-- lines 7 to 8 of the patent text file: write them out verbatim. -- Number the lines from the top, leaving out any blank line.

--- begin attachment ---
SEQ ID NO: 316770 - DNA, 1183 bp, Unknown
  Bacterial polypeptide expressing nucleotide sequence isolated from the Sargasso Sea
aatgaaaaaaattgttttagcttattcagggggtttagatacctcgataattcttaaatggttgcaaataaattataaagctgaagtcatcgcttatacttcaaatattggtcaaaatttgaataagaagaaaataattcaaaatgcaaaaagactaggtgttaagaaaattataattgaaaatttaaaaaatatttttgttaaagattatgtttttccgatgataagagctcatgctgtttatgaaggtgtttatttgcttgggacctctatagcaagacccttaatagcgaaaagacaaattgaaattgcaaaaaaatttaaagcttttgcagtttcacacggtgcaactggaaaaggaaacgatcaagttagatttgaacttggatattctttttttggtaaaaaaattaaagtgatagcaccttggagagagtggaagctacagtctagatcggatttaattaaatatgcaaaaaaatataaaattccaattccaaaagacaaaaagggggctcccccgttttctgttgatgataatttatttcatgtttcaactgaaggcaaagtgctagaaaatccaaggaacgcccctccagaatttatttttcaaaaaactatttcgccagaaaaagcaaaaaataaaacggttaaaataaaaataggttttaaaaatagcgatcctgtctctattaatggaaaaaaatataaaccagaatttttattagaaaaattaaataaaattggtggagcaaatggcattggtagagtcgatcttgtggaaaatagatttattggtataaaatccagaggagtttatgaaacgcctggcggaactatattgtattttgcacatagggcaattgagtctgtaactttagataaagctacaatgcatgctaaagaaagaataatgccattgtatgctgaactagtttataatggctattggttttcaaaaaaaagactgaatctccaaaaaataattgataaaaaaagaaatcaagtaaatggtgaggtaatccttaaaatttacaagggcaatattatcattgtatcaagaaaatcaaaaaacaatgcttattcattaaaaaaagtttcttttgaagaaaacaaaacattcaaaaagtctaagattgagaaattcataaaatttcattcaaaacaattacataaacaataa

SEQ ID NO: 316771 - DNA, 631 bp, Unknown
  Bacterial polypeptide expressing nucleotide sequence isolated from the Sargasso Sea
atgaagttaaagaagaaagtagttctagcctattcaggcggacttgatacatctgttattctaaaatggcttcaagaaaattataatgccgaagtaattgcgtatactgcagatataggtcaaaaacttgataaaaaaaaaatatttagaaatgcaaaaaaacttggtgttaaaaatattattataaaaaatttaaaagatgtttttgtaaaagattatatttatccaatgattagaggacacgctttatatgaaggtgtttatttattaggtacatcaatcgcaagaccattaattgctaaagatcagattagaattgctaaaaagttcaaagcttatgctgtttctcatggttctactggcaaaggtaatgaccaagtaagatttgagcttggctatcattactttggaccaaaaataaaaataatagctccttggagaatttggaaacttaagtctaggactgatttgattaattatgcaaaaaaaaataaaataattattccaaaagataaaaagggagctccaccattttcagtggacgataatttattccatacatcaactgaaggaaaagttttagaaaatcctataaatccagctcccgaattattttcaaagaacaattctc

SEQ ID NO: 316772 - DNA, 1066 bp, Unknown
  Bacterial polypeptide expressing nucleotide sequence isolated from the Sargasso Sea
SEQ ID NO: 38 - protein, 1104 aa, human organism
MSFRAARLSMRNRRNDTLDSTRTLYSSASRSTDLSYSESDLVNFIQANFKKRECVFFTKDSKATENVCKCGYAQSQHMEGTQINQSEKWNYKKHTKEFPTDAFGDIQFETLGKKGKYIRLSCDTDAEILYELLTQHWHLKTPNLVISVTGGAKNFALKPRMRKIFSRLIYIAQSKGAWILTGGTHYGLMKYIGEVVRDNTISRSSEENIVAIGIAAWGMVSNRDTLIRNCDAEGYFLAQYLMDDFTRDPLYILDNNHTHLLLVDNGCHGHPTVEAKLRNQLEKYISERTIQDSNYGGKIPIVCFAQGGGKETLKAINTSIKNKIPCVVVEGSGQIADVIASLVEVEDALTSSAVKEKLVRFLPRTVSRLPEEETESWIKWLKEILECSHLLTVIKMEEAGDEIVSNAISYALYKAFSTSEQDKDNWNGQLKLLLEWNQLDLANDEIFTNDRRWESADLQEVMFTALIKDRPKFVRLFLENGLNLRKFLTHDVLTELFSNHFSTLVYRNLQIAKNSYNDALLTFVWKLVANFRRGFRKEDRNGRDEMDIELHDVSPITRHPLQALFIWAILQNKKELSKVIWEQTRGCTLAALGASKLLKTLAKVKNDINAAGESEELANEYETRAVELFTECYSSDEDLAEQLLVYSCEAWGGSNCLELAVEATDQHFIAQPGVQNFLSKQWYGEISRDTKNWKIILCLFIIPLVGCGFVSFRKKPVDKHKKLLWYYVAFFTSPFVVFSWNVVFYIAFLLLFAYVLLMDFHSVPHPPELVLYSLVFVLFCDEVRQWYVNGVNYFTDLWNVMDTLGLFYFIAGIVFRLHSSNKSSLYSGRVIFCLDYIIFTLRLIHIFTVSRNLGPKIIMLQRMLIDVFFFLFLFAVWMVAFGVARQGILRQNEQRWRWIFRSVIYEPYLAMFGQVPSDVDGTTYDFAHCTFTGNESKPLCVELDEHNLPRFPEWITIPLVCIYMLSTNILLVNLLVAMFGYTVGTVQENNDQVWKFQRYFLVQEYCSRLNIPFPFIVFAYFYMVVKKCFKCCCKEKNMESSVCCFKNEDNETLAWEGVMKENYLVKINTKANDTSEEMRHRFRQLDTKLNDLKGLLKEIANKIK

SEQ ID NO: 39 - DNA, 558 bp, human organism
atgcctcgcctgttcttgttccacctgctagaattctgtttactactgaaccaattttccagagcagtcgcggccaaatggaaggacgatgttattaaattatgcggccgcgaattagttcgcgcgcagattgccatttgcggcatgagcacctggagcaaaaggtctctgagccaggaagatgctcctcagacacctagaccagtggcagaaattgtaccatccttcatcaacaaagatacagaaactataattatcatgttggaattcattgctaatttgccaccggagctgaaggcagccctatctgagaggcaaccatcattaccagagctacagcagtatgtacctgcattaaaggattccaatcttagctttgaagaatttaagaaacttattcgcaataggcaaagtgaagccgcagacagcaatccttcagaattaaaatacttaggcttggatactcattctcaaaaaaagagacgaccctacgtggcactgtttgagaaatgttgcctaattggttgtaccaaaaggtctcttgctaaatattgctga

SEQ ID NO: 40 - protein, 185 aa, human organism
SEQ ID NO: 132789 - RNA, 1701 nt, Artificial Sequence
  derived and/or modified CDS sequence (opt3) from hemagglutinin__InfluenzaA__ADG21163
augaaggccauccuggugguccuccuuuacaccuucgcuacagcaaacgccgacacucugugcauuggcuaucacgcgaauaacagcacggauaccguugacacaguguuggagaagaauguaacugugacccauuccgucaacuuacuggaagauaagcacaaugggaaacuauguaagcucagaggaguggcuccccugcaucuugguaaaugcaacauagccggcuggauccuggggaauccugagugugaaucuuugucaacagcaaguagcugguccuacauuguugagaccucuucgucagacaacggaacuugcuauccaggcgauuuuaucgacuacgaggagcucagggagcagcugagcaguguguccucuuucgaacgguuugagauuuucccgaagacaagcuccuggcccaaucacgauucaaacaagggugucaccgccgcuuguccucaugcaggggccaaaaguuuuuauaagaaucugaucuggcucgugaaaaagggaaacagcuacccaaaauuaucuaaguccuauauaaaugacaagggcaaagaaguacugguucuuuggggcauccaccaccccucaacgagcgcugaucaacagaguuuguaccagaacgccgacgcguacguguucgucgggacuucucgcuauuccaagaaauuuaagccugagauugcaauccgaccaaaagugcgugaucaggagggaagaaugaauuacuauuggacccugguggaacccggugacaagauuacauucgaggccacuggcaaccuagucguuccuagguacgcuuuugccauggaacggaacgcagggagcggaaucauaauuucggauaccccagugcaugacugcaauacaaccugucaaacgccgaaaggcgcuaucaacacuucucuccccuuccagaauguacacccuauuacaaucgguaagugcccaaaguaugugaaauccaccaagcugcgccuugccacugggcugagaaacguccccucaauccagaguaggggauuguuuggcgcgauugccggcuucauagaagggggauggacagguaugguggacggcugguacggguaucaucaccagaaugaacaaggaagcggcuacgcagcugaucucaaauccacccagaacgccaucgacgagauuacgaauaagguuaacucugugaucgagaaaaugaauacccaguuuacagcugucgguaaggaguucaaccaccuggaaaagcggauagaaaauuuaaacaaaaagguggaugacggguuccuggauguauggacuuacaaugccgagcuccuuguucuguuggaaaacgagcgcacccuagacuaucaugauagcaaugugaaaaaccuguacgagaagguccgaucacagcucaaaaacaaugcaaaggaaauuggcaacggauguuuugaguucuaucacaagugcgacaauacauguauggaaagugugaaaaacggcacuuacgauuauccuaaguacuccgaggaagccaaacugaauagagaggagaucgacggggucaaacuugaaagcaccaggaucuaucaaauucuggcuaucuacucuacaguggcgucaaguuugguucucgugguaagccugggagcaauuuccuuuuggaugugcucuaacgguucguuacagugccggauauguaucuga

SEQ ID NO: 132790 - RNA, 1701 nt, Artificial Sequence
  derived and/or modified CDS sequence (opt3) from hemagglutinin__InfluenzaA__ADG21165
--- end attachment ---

SEQ ID NO: 316772 - DNA, 1066 bp, Unknown
  Bacterial polypeptide expressing nucleotide sequence isolated from the Sargasso Sea